Ian Greenhouse

Assistant Professor, Department of Human Physiology
Member, ION

Ph.D. University of California, San Diego
B.A Tufts University

img@uoregon.edu
Lab Website
Office: 348 Gerlinger
Phone: 485-205-5393

 

Research Interests: 

Overview: 

Ian Greenhouse’s research examines how humans initiate and cancel movement. His lab combines behavioral testing with electrophysiology, neuroimaging, and brain stimulation in healthy and clinical populations. His current research explores the relationship between the inhibitory neurochemical gamma-aminobutyric acid (GABA) and motor performance.

Dr. Greenhouse earned his BA in Psychology at Tufts University and his Ph.D. at the University of California, San Diego. He completed postdoctoral training at the University of California, Berkeley. He joined the Department of Human Physiology at the University of Oregon in the Fall of 2017.

RECENT PUBLICATIONS

A consensus guide to capturing the ability to inhibit actions and impulsive behaviors in the stop-signal task.

Elife. 2019 Apr 29;8:

Authors: Verbruggen F, Aron AR, Band GP, Beste C, Bissett PG, Brockett AT, Brown JW, Chamberlain SR, Chambers CD, Colonius H, Colzato LS, Corneil BD, Coxon JP, Dupuis A, Eagle DM, Garavan H, Greenhouse I, Heathcote A, Huster RJ, Jahfari S, Kenemans JL, Leunissen I, Logan GD, Matzke D, Morein-Zamir S, Murthy A, Li CR, Paré M, Poldrack RA, Ridderinkhof KR, Robbins TW, Roesch M, Rubia K, Schachar RJ, Schall JD, Stock AK, Swann NC, Thakkar KN, van der Molen MW, Vermeylen L, Vink M, Wessel JR, Whelan R, Zandbelt BB, Boehler CN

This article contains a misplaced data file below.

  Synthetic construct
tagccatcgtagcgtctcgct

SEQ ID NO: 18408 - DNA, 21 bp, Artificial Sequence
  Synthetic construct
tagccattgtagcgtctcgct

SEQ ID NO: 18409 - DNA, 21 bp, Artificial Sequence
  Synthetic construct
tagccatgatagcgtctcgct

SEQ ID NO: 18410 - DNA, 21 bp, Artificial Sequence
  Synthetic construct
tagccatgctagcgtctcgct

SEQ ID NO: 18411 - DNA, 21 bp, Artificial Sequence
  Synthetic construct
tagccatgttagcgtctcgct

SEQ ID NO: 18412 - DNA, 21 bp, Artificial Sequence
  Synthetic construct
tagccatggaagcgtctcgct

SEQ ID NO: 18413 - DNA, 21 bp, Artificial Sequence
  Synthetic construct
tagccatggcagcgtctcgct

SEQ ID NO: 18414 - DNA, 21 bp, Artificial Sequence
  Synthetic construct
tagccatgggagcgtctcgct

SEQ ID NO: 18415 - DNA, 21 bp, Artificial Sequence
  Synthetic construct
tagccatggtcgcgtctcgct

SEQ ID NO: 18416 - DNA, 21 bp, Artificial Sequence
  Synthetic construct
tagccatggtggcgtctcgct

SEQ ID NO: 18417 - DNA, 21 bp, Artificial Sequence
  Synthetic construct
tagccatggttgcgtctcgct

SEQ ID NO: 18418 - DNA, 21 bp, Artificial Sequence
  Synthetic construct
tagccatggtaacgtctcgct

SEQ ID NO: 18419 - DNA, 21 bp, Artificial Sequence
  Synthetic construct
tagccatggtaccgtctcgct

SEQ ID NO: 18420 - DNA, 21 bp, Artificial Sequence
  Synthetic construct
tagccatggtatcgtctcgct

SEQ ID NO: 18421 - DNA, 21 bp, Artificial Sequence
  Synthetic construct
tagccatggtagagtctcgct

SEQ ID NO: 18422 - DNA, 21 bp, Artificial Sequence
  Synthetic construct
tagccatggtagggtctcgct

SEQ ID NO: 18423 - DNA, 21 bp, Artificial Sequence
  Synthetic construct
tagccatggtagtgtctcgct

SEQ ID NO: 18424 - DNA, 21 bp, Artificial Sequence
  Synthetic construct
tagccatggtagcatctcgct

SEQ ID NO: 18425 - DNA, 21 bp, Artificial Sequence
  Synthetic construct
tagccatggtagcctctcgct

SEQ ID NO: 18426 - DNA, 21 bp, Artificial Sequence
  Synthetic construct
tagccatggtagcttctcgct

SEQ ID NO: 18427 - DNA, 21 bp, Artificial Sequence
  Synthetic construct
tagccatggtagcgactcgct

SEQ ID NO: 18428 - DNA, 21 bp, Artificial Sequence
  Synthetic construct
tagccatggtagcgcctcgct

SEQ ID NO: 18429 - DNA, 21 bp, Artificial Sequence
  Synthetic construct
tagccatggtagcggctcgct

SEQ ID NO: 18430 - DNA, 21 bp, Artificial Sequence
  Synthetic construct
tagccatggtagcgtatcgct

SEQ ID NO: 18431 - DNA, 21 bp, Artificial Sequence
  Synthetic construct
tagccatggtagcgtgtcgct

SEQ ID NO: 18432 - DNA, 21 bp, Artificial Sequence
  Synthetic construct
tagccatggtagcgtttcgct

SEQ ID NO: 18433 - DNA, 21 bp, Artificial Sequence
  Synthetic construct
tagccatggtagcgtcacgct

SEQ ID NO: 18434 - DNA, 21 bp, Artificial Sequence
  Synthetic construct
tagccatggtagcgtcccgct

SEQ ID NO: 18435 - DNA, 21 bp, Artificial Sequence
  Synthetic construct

Abstract
Response inhibition is essential for navigating everyday life. Its derailment is considered integral to numerous neurological and psychiatric disorders, and more generally, to a wide range of behavioral and health problems. Response-inhibition efficiency furthermore correlates with treatment outcome in some of these conditions. The stop-signal task is an essential tool to determine how quickly response inhibition is implemented. Despite its apparent simplicity, there are many features (ranging from task design to data analysis) that vary across studies in ways that can easily compromise the validity of the obtained results. Our goal is to facilitate a more accurate use of the stop-signal task. To this end, we provide twelve easy-to-implement consensus recommendations and point out the problems that can arise when these are not followed. Furthermore we provide user-friendly open-source resources intended to inform statistical-power considerations, facilitate the correct implementation of the task, and assist in proper data analysis.

PMID: 31033438 [PubMed - as supplied by publisher]